7.The civics lesson is critical. Children need to know that a president is not a dictator. Our government has checks and balances (and yes, I know that both the Senate and the Congress now have Republican majorities). No one person can make a decision for the whole country. There is a process. Decisions are made only after thoughtful considerations and votes. Trump may have said a wall will be built and Mexico will pay for it, but no one thinks it will actually happen that way, just because Trump said so.

8.Explain election posturing. Explain to your children how people make all kinds of promises that they may or may not be able to fulfill if elected. They are trying to get votes. At the election for school president, a candidate might promise free ice cream for everyone or a shorter school day. But will that really happen? Not likely. There are lots of people who need to be a part of any decision that is made for a whole school...or a whole country.

9.Presidents are just people. Explaining some of the candidates' bad behavior is tricky. We have an expectation that presidents behave a certain way, make no mistakes, do the right things. You can explain to your kids that everyone does things that are okay and not okay. Just because Trump behaved badly (said misogynistic things, etc..) doesn't mean it is okay. You always have a chance to do better.

10.All people make mistakes. Children need to see in real life that even adults say and do the wrong things, things with which we don't agree. And everyone has a chance to change and do better. Even Trump was behaving somewhat presidentially this morning. Let's watch him do his best to try to behave better. After all, he now is the president for all the people in this country.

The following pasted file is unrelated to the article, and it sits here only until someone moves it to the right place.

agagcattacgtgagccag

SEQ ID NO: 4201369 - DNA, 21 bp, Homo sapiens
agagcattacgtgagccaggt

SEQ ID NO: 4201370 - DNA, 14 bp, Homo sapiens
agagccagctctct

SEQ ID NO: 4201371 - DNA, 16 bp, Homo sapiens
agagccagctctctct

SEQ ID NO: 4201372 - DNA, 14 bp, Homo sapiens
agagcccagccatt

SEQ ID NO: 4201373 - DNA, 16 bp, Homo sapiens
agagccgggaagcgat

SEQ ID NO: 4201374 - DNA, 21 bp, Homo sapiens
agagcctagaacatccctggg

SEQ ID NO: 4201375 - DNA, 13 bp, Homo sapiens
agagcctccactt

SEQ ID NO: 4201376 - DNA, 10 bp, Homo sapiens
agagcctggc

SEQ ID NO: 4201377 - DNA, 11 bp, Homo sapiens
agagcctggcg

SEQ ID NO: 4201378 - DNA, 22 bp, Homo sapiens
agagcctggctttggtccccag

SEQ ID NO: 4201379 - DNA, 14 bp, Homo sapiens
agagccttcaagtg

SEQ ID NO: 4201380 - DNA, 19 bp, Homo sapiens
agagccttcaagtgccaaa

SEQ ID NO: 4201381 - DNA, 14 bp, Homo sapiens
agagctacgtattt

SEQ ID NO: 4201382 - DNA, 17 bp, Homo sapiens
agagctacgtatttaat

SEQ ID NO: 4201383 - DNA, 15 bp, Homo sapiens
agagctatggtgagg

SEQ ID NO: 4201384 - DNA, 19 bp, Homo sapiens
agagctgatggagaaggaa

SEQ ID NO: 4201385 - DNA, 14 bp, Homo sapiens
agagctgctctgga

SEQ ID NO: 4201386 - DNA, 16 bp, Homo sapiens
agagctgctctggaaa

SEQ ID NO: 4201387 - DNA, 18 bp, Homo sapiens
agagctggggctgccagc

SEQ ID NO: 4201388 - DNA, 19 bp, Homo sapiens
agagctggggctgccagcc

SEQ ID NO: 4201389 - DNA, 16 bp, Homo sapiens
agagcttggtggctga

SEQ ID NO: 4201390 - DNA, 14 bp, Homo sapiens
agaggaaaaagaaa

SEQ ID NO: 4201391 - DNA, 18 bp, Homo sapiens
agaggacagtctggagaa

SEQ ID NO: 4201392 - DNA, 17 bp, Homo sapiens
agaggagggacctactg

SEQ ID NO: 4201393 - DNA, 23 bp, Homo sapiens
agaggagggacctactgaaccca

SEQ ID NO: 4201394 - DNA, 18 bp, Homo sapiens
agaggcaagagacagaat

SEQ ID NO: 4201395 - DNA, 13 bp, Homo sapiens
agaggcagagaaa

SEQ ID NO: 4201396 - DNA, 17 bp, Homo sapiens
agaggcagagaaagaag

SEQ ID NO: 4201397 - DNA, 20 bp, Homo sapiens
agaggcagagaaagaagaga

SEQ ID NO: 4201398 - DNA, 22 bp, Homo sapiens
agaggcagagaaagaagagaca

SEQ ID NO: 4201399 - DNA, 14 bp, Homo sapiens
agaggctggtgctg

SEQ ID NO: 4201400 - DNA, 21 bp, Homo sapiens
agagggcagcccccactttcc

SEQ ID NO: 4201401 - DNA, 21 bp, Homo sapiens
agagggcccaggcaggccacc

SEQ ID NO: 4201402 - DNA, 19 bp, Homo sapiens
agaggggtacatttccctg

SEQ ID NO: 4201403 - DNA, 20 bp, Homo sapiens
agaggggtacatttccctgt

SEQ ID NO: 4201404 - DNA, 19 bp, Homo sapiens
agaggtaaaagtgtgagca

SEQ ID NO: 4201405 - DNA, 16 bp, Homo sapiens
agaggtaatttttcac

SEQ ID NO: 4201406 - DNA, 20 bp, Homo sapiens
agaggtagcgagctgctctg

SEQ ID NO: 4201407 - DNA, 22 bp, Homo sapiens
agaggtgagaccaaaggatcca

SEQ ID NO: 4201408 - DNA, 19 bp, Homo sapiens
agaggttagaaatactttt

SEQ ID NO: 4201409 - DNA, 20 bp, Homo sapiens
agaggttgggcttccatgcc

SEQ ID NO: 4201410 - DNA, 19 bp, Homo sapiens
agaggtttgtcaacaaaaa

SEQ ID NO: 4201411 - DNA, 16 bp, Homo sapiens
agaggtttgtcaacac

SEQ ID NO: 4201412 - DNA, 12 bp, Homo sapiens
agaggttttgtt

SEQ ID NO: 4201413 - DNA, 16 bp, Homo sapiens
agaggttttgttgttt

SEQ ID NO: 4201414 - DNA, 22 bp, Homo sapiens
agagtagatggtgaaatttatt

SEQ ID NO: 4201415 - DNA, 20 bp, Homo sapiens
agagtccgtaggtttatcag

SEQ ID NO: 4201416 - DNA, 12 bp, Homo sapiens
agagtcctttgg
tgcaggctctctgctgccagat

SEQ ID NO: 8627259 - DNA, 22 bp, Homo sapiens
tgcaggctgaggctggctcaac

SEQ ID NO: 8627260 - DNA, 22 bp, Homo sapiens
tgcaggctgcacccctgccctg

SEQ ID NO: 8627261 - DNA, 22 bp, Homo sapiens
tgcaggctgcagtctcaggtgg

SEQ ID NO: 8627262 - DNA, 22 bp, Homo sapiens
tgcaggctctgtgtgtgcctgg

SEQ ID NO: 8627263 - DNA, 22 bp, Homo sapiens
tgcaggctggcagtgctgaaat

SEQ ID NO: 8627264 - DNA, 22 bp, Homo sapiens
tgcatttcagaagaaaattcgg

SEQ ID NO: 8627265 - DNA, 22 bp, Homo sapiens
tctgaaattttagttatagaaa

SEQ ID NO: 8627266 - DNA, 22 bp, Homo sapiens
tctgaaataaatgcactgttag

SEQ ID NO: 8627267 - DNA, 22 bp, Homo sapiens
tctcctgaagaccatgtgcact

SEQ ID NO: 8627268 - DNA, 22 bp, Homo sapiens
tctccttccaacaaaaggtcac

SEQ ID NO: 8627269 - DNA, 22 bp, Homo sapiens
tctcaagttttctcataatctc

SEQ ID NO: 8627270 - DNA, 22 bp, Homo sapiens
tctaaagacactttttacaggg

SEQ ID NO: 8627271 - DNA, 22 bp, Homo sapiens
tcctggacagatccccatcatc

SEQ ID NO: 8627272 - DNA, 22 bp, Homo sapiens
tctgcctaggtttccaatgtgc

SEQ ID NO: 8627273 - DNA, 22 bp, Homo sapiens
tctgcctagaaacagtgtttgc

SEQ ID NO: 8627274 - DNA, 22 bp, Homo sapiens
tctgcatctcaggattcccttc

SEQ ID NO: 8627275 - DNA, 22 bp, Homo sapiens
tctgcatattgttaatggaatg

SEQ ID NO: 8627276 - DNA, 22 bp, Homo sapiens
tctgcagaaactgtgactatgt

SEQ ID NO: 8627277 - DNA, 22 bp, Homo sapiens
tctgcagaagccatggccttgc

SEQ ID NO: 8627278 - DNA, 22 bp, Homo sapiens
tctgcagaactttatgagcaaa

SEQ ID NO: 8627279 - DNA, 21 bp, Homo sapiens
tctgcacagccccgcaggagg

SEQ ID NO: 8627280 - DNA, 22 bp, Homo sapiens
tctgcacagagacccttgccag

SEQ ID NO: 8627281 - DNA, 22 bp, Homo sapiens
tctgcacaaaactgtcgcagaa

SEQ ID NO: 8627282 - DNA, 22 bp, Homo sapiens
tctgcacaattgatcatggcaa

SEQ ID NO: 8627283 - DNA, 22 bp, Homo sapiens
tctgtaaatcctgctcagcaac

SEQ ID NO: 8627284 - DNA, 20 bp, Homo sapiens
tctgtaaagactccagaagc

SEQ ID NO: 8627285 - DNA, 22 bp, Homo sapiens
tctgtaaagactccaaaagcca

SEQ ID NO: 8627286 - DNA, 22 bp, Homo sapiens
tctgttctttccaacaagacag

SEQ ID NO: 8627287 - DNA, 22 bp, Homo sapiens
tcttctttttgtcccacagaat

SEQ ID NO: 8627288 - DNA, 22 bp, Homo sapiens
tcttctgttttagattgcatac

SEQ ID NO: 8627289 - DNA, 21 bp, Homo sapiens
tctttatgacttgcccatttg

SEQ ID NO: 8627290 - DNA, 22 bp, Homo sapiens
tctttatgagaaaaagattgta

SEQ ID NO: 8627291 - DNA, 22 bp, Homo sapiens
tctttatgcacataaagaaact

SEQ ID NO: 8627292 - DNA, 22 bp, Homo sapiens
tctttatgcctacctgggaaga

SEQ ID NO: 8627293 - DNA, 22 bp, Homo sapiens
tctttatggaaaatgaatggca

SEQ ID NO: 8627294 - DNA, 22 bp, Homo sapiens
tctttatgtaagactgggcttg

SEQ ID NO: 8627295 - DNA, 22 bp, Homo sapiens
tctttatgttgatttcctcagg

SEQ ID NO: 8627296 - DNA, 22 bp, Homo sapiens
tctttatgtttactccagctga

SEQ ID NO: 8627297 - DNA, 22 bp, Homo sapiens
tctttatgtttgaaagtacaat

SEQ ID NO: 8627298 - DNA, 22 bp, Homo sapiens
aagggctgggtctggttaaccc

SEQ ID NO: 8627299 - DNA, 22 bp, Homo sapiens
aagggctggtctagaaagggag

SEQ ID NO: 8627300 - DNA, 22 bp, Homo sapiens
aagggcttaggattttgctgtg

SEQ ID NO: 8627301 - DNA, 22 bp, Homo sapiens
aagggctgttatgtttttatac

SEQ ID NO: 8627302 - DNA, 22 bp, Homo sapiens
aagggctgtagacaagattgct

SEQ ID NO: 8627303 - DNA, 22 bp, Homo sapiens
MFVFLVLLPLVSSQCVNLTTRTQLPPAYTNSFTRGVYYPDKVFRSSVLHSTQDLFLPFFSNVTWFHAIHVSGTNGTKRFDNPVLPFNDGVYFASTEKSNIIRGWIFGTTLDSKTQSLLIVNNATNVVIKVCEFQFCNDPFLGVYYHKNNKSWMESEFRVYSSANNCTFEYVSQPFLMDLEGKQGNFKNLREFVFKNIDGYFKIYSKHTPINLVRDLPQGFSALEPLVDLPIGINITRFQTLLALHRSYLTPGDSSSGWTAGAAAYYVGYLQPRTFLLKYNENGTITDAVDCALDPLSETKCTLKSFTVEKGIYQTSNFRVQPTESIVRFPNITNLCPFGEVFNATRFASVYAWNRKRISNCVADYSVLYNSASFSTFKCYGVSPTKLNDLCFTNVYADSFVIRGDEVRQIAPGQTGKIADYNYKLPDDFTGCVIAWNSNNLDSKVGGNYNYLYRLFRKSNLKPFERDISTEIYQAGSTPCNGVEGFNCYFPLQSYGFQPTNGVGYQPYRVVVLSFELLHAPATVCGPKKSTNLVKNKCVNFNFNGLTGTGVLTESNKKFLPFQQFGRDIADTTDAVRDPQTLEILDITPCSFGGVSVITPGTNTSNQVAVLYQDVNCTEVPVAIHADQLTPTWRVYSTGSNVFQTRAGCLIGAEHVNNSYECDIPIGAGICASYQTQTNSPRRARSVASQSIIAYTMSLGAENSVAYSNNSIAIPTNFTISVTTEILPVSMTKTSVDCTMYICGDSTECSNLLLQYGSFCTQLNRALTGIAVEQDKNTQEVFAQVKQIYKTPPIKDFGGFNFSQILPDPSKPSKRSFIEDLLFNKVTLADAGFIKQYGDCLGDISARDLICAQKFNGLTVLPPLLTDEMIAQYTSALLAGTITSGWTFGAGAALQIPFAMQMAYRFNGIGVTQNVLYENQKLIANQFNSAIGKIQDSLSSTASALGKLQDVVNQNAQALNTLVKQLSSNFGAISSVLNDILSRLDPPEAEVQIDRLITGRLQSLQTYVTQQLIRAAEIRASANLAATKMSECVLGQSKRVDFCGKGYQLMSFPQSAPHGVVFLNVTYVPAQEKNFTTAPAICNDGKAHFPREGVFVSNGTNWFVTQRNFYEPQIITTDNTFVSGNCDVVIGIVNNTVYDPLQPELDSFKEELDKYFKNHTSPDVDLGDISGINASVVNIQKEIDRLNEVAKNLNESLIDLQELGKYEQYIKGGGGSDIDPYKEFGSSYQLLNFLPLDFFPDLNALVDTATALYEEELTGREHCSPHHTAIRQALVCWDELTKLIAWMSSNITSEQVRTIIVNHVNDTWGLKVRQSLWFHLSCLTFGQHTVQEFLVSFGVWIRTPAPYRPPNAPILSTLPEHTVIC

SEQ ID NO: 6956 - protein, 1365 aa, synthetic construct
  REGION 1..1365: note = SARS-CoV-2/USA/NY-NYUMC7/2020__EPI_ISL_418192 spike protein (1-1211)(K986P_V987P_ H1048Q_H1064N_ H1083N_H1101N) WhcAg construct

11.Your values are still your values. Just because Trump won doesn't mean you have changed your beliefs, values, ethics, behaviors. Your values may not align with his values. You still believe what you believe; your values are your values. There is room for all of us in this country.

12.What makes America great? One of the things that makes America great is that we are allowed to disagree. This country is a giant stew of all kinds of ingredients, each of us believing what we want. No one can tell us what we must believe. But we all live here, we are all Americans. As Obama so eloquently said, this is intramural sport; we are on the same team.

13.We need to model respect for the presidency. Love him or not, he is our president elect. That office deserves respect. Our system of democracy is ours. He was legally elected.

14.The sun will come out tomorrow. Even though this feels like an apocalypse to some, we will survive, and your children need to know that. Your children do not have enough life experience to look at the big picture, but you do. This is the time to model resilience, to show your children how you will react to this big change.

15.All people have a voice. You and they can write letter to their congressmen, even to the president. We can work for the causes in which we believe. We will still treat people with kindness and consideration. And, truth be told, your children will not likely feel any change for a long while. They will still play soccer on Saturday.